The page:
David R. Henderson  

I (More or Less) Agree With Krugman

Insurance as a Prisoners' Dile... Off on Vacation...

Paul Krugman had a blog post last week that I agree with most of. (Pardon the preposition at the end of the sentence.) He criticized a bill, the Preserving Access to Targeted, Individualized, and Effective New Treatments and Services (PATIENTS) Act of 2009, put forward by Senators Jon Kyl (R-AZ), Mitch McConnell (R-KY), and Pat Roberts (R-KS). According to Krugman, the bill would prohibit Medicare or Medicaid from using "comparative effectiveness research" to deny coverage. I'll assume that Krugman has stated correctly the main provisions of the bill.

If so, his criticism is mainly correct. Below I quote his four comments and comment on each in turn.

1. Krugman writes, "Politicians who rail against wasteful government spending are taking action to prevent the government from reining in ... wasteful spending."
I agree. The idea with comparative effectiveness research is to bring at least some crude cost-benefit analysis to government spending on health care. Spending on procedures that do not pass the bar would not be done.

2. Krugman writes: Politicians who warn that the burden of entitlements is killing the federal budget are stepping in to block ... the single most painless route to reducing the growth of entitlements.
I don't know that it's the single most painless route, but it's certainly a route.

3. Krugman writes: They're doing it in the name of avoiding "rationing of health care" ... but they're specifically addressing taxpayer-funded care. If you want to go out and buy a medically useless treatment, Medicare won't stop you.
Overstated but true. Medicare won't stop you even if you find it medically useful. Implicit in his claim is the idea that Medicare would say no only to treatment that is useless. In fact, it would probably say no to useful treatments whose benefit it computes to be below the cost. It could also say no to treatments for which someone's benefit exceeds the cost. Krugman seems to have forgotten what I call the 7th pillar of economic wisdom: The value of a good or service is subjective. But that's alright because in all the above cases, a person who valued a medical treatment more than the value the government placed on it would be free to buy it. This seems like a small move away from welfare-state socialism and I'm glad to see Krugman embrace it.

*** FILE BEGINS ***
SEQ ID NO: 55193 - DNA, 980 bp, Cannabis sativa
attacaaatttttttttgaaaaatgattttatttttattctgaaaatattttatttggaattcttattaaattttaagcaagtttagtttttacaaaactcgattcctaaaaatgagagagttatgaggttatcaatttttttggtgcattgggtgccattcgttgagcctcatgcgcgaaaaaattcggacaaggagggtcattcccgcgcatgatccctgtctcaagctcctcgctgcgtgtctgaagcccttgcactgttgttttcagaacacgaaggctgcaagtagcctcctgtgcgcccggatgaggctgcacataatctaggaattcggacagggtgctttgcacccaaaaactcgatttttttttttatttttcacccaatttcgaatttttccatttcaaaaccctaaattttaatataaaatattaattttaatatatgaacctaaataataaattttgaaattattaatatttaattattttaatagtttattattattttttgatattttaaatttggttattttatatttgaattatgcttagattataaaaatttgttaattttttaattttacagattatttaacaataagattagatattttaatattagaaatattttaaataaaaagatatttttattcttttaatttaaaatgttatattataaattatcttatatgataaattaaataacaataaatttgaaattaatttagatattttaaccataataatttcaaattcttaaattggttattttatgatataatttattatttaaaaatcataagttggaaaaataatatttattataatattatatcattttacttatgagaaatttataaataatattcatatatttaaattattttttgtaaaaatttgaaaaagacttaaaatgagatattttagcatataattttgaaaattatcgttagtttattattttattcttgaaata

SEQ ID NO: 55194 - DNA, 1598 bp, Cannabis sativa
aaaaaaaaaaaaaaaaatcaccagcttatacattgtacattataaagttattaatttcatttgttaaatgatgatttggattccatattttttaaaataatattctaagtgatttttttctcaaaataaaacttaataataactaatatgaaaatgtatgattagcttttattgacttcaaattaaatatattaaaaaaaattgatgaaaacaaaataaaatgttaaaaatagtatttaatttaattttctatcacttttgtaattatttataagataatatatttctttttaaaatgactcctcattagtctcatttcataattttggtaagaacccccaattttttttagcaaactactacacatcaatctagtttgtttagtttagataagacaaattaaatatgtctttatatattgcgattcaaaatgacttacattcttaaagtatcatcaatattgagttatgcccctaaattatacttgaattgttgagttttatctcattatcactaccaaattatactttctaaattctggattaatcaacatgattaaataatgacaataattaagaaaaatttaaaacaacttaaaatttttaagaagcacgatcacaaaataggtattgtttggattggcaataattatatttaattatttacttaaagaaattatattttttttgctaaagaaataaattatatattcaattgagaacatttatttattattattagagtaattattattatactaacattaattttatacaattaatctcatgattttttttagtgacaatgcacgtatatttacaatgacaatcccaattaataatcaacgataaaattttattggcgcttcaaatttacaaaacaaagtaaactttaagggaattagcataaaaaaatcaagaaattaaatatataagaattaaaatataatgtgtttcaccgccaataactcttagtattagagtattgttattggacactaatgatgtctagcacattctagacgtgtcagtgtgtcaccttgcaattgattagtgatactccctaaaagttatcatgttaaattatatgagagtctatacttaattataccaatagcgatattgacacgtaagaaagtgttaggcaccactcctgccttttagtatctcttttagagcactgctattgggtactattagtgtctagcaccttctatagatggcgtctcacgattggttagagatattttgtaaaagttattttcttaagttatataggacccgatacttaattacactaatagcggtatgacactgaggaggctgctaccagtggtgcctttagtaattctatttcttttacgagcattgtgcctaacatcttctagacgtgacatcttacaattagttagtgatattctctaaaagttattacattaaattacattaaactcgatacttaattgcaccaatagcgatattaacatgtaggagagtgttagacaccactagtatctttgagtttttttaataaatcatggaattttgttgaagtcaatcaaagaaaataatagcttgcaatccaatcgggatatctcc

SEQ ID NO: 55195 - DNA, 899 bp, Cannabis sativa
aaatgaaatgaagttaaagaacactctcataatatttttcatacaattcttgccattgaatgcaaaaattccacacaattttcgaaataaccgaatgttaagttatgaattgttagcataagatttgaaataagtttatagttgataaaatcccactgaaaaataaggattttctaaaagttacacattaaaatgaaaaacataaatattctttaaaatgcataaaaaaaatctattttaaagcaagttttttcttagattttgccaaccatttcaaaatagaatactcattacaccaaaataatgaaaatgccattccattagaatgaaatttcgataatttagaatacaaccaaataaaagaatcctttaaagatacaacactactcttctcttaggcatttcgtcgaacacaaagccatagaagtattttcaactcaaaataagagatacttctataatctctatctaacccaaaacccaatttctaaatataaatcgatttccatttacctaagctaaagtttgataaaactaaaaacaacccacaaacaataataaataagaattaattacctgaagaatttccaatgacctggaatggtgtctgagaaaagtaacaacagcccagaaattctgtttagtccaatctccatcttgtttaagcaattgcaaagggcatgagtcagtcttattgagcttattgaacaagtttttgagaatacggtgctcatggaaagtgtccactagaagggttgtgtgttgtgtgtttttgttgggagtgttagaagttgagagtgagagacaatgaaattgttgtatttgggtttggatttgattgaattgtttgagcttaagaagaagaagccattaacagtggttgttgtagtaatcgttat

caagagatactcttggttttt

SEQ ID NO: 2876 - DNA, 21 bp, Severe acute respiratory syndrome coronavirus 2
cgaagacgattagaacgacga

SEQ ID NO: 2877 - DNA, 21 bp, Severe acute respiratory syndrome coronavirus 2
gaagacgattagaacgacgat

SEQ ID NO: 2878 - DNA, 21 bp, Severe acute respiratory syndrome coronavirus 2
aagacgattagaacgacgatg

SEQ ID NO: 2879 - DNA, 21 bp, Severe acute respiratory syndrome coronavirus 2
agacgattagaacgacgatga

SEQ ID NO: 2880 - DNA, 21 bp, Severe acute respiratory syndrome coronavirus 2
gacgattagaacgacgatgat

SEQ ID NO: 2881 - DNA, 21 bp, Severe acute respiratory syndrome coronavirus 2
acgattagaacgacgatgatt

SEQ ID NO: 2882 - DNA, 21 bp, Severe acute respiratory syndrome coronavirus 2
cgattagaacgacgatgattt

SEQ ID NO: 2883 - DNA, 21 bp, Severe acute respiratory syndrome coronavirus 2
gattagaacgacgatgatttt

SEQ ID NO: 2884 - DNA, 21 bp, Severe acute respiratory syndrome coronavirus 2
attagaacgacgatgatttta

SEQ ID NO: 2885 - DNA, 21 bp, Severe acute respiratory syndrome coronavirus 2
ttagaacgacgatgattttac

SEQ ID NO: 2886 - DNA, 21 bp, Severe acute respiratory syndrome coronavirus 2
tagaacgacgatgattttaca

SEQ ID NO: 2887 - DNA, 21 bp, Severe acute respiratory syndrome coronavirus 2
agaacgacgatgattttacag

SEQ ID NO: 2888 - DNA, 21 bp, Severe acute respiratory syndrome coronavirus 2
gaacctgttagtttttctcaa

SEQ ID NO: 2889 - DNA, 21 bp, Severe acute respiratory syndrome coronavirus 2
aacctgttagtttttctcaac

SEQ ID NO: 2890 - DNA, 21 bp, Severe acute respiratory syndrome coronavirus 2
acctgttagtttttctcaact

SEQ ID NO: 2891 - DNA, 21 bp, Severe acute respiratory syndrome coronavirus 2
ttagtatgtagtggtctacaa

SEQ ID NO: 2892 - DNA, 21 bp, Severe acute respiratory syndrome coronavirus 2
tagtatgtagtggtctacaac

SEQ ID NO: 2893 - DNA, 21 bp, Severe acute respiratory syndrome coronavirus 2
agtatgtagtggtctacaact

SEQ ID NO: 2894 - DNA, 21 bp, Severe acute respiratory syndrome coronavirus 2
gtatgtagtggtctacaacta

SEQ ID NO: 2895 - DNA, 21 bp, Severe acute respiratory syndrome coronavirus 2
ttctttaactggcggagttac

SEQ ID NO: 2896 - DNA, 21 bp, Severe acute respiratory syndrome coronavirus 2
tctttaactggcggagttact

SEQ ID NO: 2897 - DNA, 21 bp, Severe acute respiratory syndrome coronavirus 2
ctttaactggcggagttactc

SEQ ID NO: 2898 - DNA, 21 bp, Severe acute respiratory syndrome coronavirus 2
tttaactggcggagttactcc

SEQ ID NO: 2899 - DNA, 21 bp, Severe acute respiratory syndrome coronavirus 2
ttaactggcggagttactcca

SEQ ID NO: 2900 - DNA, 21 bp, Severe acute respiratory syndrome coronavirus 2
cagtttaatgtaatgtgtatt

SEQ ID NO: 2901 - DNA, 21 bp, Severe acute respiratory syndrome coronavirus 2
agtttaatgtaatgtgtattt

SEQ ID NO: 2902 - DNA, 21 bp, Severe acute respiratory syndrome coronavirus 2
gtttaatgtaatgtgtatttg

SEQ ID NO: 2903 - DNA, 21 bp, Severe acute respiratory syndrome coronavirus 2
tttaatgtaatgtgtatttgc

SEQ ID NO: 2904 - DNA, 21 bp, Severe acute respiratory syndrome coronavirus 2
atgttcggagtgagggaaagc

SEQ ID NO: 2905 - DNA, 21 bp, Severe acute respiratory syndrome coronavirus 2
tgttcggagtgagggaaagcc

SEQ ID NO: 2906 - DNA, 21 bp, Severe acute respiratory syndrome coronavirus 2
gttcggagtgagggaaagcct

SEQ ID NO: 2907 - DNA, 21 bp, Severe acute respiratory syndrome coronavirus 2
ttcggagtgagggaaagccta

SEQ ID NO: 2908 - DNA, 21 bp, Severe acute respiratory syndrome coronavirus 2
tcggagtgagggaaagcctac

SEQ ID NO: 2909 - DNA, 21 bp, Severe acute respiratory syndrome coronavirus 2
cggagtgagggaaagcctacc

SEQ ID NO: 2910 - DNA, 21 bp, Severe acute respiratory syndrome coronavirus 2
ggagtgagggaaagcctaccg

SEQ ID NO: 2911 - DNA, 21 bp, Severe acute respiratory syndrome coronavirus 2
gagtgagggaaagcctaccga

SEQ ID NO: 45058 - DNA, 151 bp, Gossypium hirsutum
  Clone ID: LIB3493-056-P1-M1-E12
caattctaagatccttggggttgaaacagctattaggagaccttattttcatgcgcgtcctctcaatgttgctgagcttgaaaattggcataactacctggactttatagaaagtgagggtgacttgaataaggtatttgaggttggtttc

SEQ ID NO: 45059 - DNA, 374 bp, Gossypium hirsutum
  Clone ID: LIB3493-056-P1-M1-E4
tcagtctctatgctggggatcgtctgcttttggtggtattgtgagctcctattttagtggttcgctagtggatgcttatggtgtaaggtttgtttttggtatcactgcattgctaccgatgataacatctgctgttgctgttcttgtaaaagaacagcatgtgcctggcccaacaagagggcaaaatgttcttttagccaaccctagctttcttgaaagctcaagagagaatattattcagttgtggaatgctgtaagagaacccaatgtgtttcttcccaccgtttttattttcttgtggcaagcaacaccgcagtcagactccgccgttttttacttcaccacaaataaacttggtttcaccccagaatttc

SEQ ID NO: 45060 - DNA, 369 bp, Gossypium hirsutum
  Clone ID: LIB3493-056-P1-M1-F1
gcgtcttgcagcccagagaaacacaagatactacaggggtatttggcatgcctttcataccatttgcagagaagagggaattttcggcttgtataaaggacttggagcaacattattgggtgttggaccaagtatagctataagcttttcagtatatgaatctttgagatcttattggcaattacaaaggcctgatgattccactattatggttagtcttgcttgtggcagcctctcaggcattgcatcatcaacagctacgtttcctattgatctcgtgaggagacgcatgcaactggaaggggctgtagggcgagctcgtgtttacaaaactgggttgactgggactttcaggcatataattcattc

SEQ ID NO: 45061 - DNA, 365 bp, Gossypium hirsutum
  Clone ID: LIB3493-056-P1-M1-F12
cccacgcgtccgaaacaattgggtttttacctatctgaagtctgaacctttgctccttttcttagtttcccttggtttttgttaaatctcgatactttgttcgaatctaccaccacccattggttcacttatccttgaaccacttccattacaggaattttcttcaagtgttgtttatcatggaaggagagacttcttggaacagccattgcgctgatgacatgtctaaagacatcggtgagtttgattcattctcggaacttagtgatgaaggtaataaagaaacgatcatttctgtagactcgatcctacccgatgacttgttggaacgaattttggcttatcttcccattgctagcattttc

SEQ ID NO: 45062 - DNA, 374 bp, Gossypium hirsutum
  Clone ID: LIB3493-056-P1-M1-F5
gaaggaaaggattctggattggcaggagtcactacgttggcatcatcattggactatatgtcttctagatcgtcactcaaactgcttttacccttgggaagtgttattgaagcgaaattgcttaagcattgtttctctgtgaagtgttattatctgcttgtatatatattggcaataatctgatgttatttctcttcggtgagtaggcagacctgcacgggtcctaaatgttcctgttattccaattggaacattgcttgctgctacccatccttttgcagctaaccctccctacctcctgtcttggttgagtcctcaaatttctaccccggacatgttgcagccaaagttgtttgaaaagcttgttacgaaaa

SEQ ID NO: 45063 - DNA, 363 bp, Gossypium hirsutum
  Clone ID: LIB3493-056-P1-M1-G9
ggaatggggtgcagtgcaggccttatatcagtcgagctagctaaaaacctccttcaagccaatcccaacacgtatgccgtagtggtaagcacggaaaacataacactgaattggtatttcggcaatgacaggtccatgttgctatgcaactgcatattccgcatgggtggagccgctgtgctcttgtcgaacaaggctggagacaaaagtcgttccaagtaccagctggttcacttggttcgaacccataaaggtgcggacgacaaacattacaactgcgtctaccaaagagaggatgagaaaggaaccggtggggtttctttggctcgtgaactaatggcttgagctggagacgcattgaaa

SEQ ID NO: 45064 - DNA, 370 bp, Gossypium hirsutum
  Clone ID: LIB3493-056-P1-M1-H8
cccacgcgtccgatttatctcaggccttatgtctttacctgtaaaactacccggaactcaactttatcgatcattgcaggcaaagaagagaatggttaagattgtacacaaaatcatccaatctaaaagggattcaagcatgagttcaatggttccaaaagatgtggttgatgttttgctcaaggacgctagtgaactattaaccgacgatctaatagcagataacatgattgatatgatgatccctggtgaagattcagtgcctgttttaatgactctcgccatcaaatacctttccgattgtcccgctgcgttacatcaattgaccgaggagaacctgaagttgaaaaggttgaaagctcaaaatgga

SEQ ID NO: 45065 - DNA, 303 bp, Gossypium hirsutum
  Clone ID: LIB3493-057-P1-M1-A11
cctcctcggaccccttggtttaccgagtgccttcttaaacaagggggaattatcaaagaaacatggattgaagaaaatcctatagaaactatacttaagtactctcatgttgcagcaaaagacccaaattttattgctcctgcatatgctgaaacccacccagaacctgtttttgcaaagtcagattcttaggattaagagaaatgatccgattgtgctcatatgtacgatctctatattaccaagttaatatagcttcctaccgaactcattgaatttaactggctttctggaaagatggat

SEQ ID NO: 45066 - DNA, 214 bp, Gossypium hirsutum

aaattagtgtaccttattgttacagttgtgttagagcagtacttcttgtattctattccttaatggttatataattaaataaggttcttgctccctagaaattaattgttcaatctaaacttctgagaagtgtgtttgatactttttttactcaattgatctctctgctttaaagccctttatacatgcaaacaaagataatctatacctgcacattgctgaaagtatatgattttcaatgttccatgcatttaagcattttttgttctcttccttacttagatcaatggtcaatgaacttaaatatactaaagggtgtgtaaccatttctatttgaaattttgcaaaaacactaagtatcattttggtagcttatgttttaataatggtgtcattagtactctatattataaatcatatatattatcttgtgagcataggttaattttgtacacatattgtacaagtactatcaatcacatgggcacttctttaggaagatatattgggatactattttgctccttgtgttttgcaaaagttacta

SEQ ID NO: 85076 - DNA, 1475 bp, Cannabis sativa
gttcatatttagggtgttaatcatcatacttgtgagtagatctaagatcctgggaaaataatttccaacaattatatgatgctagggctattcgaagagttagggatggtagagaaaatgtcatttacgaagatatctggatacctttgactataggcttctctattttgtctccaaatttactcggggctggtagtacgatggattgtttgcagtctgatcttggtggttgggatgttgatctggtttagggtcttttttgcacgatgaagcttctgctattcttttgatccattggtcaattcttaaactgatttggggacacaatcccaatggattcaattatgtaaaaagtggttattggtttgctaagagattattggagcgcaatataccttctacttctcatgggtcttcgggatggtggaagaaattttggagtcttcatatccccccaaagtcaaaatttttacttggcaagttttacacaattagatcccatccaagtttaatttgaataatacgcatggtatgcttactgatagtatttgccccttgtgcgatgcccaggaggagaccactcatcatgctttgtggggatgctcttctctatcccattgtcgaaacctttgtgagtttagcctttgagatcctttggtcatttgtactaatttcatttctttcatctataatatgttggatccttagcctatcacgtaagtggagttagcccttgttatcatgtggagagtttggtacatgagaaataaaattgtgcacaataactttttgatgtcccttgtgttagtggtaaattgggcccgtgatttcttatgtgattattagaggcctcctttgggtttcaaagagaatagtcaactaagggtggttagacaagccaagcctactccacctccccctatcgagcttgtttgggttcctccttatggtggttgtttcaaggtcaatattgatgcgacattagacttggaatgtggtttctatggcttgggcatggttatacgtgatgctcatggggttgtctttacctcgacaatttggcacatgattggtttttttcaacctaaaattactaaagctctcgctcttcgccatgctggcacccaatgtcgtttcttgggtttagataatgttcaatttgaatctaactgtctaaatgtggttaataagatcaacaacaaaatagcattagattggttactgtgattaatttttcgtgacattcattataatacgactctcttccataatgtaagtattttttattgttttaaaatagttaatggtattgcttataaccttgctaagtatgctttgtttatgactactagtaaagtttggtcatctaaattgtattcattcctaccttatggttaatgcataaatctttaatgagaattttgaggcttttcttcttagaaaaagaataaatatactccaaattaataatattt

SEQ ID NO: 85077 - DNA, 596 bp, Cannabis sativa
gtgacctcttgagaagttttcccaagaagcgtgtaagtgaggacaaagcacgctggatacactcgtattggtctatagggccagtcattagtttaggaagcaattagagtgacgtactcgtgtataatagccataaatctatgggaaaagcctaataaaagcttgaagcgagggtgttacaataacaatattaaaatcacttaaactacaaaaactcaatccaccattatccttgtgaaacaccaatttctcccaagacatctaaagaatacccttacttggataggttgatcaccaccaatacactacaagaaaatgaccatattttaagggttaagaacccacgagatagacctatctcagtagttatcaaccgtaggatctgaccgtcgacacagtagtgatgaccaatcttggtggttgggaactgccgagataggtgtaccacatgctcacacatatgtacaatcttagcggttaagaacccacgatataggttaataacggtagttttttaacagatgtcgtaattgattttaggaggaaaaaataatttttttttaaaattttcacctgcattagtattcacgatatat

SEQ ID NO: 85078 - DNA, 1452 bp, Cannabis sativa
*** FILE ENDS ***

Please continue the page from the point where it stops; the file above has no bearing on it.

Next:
4. Krugman writes: These same politicians are, of course, opposed to efforts to expand coverage. In other words, it's evil for government to "ration care" by only paying for things that work; it is, however, perfectly OK, indeed virtuous, to ration care by refusing to pay for any care at all.
This is too involved to comment on tersely. For one thing, I doubt that the authors of the bill used the word "evil." Putting that aside, Krugman does seem to be onto a basic contradiction in the thinking of Messrs. Kyl, McConnell, and Roberts.

Krugman's comments above clearly suggest that he is in favor of letting people, even people on Medicare, pay for medical care if they value it enough. I guess we can look forward, then, to a New York Times column, or at least a blog post, by Krugman in which he advocates:
1. Letting people out of Medicare who want out.
2. Letting people pay doctors and hospitals more than the Medicare-set rates. (It's now illegal for doctors and hospitals to bill Medicare beneficiaries even a penny more than the rates set by Medicare.)

H/T to Scott Sumner.

Comments and Sharing

COMMENTS (11 to date)
Joe writes: